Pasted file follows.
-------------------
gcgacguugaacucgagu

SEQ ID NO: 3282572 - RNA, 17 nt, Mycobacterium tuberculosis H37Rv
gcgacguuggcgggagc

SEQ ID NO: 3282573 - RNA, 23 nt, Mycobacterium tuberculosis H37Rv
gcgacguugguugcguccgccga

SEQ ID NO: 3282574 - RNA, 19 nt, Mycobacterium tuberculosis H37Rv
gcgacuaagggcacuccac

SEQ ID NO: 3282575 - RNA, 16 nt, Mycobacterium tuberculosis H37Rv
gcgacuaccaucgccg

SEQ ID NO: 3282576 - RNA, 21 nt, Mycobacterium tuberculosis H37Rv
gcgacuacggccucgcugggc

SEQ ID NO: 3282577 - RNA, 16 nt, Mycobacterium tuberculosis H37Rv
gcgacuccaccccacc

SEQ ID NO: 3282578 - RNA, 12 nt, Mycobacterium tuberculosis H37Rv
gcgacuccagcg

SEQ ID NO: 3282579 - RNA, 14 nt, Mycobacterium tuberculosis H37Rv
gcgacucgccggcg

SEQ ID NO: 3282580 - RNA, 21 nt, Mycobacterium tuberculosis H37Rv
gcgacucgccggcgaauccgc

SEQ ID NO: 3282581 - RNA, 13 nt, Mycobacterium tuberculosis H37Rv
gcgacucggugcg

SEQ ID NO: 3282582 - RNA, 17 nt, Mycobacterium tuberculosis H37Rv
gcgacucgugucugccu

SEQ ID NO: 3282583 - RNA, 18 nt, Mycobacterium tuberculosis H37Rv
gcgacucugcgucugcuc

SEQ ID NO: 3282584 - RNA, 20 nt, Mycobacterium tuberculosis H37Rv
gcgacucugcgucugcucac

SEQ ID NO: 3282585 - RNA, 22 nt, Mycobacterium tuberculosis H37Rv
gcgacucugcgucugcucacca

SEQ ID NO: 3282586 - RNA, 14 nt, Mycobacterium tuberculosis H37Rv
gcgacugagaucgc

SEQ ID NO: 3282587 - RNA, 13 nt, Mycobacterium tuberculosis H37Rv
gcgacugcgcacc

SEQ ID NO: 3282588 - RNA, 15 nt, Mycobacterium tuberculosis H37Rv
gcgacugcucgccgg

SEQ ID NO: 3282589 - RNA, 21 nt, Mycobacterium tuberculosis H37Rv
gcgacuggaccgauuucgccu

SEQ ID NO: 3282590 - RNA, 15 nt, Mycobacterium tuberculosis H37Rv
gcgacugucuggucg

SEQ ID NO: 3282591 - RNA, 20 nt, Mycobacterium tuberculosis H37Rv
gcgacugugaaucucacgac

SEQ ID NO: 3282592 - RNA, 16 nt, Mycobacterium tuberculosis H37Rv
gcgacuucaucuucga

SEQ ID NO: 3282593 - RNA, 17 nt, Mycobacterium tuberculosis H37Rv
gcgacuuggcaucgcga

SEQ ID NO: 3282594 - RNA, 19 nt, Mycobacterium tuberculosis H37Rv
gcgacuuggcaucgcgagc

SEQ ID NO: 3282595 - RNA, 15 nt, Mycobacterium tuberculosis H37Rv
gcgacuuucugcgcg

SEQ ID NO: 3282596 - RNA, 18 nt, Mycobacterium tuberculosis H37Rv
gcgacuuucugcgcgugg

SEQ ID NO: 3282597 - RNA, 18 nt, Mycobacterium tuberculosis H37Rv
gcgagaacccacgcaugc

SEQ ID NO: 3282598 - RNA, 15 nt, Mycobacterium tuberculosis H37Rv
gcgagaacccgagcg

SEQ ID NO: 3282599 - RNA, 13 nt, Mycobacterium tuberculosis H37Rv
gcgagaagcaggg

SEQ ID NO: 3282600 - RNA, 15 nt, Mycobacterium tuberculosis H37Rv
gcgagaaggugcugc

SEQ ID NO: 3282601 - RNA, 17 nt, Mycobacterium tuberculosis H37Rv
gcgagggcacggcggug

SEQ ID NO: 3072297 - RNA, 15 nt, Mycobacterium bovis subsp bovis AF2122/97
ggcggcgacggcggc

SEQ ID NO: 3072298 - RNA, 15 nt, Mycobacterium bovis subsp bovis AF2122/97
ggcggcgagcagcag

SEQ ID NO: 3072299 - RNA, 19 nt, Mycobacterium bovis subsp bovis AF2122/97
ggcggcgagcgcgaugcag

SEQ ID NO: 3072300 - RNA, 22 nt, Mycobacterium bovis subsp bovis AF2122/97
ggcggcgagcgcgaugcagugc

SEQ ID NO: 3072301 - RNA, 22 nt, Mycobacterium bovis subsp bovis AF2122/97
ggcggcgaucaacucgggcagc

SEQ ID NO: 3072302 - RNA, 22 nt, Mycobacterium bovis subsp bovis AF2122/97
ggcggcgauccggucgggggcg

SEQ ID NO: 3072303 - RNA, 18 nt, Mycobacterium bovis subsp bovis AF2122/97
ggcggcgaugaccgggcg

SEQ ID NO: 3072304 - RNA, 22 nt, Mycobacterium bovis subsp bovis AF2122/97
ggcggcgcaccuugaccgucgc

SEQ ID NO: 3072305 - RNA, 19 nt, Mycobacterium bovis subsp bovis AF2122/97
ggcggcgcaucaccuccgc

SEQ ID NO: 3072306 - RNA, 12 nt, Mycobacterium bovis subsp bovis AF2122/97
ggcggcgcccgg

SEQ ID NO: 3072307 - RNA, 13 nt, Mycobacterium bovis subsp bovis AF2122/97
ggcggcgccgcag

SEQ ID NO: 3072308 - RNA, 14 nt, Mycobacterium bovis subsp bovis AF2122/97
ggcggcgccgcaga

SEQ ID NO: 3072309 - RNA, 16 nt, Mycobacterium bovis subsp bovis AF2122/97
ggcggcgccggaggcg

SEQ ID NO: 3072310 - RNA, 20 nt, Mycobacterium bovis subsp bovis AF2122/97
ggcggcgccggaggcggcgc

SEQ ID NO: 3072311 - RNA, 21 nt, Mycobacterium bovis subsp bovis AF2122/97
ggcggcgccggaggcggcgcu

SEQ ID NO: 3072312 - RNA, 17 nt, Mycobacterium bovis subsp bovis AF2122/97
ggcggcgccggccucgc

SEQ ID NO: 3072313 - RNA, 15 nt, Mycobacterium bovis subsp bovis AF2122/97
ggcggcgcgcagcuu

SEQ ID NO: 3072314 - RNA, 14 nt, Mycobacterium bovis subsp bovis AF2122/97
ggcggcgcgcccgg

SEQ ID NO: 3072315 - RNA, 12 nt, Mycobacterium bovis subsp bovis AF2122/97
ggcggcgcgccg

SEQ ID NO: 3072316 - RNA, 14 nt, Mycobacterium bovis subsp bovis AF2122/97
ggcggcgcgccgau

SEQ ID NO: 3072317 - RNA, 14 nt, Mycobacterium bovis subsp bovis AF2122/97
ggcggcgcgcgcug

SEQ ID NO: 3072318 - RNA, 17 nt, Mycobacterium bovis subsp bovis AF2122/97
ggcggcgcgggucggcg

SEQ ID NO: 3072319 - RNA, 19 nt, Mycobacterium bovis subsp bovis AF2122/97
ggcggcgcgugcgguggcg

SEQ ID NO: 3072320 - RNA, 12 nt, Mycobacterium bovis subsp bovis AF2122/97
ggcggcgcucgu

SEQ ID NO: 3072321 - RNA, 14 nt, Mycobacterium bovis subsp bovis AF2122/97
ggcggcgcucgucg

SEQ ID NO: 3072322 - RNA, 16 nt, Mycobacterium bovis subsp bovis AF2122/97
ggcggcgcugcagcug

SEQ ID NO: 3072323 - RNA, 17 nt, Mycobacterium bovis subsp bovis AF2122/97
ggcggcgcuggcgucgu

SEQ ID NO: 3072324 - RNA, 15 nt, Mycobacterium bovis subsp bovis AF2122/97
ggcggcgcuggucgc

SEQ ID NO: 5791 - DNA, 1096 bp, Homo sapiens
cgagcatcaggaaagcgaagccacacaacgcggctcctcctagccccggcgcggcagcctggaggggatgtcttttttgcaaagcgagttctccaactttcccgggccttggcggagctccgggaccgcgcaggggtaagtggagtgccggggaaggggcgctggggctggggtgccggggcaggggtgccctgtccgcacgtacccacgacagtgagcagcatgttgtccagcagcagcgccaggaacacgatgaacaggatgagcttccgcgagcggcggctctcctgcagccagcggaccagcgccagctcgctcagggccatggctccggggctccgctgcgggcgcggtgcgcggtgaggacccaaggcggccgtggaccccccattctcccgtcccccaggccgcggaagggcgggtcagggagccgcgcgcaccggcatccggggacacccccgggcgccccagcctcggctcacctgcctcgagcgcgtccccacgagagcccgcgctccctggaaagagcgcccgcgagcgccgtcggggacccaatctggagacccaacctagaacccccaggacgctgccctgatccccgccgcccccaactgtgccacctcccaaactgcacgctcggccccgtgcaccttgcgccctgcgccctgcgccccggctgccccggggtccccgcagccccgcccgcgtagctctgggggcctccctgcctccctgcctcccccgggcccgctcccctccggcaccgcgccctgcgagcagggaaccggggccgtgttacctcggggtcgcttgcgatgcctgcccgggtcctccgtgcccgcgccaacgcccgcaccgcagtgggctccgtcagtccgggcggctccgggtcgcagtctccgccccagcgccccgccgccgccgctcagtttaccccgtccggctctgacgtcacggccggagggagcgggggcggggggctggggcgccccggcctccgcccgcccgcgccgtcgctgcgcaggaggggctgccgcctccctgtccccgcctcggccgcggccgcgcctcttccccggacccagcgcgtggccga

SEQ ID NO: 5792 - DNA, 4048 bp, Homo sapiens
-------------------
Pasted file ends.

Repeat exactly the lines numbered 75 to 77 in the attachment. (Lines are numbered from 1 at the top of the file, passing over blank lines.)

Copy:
ggcggcgaugaccgggcg

SEQ ID NO: 3072304 - RNA, 22 nt, Mycobacterium bovis subsp bovis AF2122/97
ggcggcgcaccuugaccgucgc